How do I know if I need to take my dog to the vet for hives?

Most cases of dog hives are going to pop up, look terrible, feel itchy and then go away, all within the course of a few hours to less than one day. But that doesn’t mean that dog hives can be ignored. See your vet immediately if your dog is having any kind of difficulty breathing. This can mean heavy panting, wheezing, trouble getting enough air, or not wanting to exercise.

You’ll also want to see your vet if your pup gets heavy swelling of the mouth, nose, or face even if they aren’t having trouble breathing. This is because the swelling can continue to increase and start to affect the airways.

Another reason to make a veterinary appointment is if your dog’s hives don’t go away or start to get worse within a couple hours. Contact your vet if you’re noticing hives more than once within a short time as it could indicate that your pup needs a change in their diet or medications.

If your dog recovers from hives at-home without any issues, just be sure to mention it to your vet the next time you’re there.

Veterinary treatment for dog hives & prognosis

Your vet’s aim will be to reduce the swelling caused by hives so that your pup can breathe easy. They will also want to cut down on the itching and discomfort.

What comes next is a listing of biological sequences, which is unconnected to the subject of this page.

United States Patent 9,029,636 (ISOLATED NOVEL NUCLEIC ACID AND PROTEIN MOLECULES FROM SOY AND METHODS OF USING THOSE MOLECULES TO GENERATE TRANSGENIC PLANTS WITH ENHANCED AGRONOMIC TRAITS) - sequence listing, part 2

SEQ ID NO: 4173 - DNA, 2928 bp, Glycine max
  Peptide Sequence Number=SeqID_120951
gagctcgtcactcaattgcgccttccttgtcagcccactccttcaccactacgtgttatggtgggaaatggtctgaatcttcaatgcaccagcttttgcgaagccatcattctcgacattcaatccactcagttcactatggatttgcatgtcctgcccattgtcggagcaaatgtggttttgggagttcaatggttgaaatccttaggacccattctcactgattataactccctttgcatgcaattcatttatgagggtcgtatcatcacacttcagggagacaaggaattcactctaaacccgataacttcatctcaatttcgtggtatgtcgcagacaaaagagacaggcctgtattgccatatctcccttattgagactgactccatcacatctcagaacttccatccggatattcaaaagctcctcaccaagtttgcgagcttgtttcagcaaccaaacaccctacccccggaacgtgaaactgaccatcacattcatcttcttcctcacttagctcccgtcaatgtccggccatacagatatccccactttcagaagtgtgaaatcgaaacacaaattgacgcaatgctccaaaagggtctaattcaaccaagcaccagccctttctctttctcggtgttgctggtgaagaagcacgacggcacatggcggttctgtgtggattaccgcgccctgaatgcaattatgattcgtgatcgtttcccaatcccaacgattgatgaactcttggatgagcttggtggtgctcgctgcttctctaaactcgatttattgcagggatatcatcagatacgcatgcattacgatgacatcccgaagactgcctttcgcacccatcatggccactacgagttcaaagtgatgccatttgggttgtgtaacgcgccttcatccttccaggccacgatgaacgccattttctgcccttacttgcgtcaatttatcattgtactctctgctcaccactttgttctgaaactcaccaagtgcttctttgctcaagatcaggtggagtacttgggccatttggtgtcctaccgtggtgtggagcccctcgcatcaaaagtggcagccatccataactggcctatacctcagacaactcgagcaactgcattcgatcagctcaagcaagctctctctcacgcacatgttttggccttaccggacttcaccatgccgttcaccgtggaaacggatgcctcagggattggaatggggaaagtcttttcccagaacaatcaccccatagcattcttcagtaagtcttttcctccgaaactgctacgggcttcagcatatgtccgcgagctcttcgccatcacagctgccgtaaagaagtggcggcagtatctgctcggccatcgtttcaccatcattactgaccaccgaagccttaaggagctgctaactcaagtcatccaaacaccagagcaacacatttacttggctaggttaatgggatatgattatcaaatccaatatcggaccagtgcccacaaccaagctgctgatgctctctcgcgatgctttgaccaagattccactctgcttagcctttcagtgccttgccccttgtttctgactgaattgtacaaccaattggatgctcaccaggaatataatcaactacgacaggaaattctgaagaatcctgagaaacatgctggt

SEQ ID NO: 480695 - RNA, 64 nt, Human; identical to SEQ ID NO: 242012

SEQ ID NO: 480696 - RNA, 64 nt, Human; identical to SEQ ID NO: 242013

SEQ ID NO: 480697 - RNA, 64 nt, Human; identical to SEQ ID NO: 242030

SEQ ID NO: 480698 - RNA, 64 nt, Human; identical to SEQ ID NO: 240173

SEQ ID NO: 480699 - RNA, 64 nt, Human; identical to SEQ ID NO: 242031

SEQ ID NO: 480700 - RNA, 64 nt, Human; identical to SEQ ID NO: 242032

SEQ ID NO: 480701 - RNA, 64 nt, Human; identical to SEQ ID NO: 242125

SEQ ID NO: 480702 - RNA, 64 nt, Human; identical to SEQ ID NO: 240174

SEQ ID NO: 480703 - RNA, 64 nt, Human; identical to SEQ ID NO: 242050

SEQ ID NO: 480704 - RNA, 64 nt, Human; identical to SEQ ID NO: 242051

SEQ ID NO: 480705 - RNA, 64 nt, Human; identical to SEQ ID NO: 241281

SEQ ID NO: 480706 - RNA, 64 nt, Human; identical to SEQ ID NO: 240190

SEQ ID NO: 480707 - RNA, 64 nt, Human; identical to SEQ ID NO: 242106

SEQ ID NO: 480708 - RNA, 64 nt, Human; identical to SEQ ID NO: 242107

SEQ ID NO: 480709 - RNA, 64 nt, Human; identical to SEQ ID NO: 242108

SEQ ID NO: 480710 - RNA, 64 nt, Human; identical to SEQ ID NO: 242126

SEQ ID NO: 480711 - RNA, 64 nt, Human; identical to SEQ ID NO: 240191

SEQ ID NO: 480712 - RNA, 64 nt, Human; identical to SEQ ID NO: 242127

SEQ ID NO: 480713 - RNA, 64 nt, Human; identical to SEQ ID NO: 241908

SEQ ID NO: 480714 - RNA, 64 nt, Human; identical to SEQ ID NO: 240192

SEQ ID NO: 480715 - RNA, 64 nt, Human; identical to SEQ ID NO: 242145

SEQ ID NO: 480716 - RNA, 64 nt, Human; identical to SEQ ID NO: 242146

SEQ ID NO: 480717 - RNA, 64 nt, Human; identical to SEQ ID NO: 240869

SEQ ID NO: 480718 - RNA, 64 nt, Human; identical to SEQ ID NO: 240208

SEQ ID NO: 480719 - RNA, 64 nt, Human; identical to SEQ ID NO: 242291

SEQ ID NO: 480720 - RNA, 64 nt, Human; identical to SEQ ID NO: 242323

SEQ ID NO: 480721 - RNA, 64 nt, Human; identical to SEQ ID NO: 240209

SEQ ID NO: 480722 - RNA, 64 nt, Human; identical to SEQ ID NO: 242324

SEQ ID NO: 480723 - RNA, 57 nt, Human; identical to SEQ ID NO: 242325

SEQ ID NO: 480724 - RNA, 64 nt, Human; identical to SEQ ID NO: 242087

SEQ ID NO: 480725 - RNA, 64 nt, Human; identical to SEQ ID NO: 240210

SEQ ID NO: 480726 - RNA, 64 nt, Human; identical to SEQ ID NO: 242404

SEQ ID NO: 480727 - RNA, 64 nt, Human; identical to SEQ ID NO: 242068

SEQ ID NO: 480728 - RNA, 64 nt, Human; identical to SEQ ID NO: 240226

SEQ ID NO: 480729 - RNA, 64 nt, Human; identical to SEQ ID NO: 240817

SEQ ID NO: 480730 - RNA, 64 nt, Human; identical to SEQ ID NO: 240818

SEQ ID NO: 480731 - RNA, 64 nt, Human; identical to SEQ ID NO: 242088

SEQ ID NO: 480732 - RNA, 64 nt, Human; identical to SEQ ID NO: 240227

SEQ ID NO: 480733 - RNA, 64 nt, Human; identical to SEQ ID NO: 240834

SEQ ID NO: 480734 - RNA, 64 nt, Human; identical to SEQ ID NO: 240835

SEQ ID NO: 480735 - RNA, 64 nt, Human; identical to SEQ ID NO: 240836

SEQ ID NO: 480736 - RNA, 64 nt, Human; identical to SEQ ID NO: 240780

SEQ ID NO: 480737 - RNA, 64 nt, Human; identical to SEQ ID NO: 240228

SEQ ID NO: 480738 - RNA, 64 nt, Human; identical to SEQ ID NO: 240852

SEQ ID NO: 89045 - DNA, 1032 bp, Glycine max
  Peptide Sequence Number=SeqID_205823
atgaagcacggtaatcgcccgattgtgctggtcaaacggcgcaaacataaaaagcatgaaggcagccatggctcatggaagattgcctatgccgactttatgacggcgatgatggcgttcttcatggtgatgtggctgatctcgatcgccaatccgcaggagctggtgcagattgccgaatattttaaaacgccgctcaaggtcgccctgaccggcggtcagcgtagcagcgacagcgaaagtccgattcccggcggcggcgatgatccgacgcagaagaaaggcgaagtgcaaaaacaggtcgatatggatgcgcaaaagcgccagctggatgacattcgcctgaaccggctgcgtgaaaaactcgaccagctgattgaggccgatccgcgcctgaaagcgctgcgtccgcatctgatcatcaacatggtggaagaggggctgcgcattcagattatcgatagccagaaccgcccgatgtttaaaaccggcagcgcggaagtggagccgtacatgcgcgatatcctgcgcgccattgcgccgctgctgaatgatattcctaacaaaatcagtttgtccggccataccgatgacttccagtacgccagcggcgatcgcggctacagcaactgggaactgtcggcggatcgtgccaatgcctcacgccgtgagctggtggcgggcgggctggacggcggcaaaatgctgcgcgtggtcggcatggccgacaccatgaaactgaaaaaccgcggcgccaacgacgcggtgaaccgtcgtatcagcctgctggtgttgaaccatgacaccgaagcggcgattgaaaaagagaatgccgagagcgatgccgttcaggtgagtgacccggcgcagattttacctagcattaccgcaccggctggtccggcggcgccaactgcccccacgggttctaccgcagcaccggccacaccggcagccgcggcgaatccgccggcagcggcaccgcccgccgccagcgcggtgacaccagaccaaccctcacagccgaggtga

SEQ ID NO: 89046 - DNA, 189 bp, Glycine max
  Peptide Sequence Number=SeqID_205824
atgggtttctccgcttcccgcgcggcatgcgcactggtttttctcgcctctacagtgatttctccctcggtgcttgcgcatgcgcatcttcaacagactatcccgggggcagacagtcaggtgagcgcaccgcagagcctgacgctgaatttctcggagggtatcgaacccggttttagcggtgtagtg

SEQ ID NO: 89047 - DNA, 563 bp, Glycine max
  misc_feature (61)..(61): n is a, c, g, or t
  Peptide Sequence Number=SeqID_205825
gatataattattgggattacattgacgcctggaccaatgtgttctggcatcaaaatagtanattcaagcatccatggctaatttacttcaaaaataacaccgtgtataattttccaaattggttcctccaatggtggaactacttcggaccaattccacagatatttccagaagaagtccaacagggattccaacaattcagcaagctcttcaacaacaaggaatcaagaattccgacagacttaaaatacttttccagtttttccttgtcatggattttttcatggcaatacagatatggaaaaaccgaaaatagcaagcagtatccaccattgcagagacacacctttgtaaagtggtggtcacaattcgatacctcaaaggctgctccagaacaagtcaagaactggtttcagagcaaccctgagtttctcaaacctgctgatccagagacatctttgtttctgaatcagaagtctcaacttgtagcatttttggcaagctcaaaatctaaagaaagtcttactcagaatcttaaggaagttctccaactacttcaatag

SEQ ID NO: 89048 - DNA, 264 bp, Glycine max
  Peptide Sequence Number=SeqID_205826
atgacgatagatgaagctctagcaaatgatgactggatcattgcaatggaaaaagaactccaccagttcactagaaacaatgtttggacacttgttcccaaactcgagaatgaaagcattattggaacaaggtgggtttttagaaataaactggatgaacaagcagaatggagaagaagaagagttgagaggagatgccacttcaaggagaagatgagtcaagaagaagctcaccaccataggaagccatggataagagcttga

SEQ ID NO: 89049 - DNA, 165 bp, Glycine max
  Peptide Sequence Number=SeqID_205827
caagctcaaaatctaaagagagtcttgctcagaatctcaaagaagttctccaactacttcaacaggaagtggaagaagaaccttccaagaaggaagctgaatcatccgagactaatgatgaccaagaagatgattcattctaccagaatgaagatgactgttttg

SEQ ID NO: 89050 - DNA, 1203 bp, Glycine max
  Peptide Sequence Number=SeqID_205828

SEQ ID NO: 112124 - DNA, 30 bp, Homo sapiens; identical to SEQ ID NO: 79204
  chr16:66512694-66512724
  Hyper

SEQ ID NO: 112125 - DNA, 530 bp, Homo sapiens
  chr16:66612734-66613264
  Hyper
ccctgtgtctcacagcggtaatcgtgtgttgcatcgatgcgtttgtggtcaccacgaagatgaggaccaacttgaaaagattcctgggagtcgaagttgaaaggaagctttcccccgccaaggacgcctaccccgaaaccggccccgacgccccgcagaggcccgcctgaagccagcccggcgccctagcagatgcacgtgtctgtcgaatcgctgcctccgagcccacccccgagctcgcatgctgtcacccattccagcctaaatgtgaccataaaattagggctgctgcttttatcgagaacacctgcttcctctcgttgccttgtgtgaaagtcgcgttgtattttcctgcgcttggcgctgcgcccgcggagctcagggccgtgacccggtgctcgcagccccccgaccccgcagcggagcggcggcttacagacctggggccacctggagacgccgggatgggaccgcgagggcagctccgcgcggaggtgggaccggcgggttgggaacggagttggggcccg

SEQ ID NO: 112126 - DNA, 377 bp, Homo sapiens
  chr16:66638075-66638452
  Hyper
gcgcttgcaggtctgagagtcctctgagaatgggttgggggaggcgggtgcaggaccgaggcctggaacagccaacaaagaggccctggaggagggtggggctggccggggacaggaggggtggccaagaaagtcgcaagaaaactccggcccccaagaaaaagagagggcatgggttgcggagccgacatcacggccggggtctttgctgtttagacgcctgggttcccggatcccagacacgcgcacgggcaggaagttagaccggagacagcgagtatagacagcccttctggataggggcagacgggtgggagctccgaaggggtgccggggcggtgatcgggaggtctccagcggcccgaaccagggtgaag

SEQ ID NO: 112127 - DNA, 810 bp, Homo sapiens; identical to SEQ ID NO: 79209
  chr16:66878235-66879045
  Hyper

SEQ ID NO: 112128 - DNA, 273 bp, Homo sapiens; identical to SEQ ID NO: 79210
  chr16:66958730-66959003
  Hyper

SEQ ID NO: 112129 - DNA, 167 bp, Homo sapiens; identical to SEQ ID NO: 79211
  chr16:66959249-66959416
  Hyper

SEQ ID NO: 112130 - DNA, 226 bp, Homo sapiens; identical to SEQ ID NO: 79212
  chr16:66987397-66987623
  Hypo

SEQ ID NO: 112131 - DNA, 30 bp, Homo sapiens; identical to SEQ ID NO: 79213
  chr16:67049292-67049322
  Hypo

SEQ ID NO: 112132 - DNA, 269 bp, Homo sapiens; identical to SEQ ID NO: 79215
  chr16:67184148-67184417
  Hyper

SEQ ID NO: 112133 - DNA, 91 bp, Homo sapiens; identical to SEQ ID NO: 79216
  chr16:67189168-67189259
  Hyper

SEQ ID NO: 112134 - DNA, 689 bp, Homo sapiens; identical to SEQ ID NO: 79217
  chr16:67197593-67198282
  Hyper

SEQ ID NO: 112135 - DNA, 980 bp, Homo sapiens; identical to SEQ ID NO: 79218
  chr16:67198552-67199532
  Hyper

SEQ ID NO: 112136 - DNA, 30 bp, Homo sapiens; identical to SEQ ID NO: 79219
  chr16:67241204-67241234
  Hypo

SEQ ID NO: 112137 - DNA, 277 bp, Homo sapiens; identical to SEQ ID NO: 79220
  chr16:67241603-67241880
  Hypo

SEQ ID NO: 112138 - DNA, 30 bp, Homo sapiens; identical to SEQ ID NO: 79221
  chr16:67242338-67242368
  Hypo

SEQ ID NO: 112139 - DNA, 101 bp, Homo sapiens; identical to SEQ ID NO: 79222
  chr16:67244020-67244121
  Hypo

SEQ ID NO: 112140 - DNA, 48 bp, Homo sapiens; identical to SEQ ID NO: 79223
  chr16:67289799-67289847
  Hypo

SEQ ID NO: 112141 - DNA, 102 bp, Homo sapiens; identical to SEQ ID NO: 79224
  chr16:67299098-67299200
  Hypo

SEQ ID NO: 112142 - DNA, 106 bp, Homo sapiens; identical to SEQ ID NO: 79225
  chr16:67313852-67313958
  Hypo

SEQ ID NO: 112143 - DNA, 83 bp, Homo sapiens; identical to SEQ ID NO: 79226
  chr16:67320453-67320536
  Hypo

To do this, your vet may give a dog with hives an injection of antihistamines or other anti-inflammatories. Most of the time, this step works like magic to bring quick relief to your dog and your worried mind.

More serious cases may require fluids and other supportive treatments, including hospitalization.

If your dog’s hives are a recurrent issue, your vet may recommend allergy testing, an elimination diet, or long-term allergy treatment to get things under control.

Look to spend $50-$100 for simple cases of hives and $200 or more for more severe issues.


Most dogs are going to recover very quickly from hives at home. Those that do go to the vet recover quickly as well after a dose of antihistamines or anti-inflammatories. A very small number of dogs may experience anaphylaxis.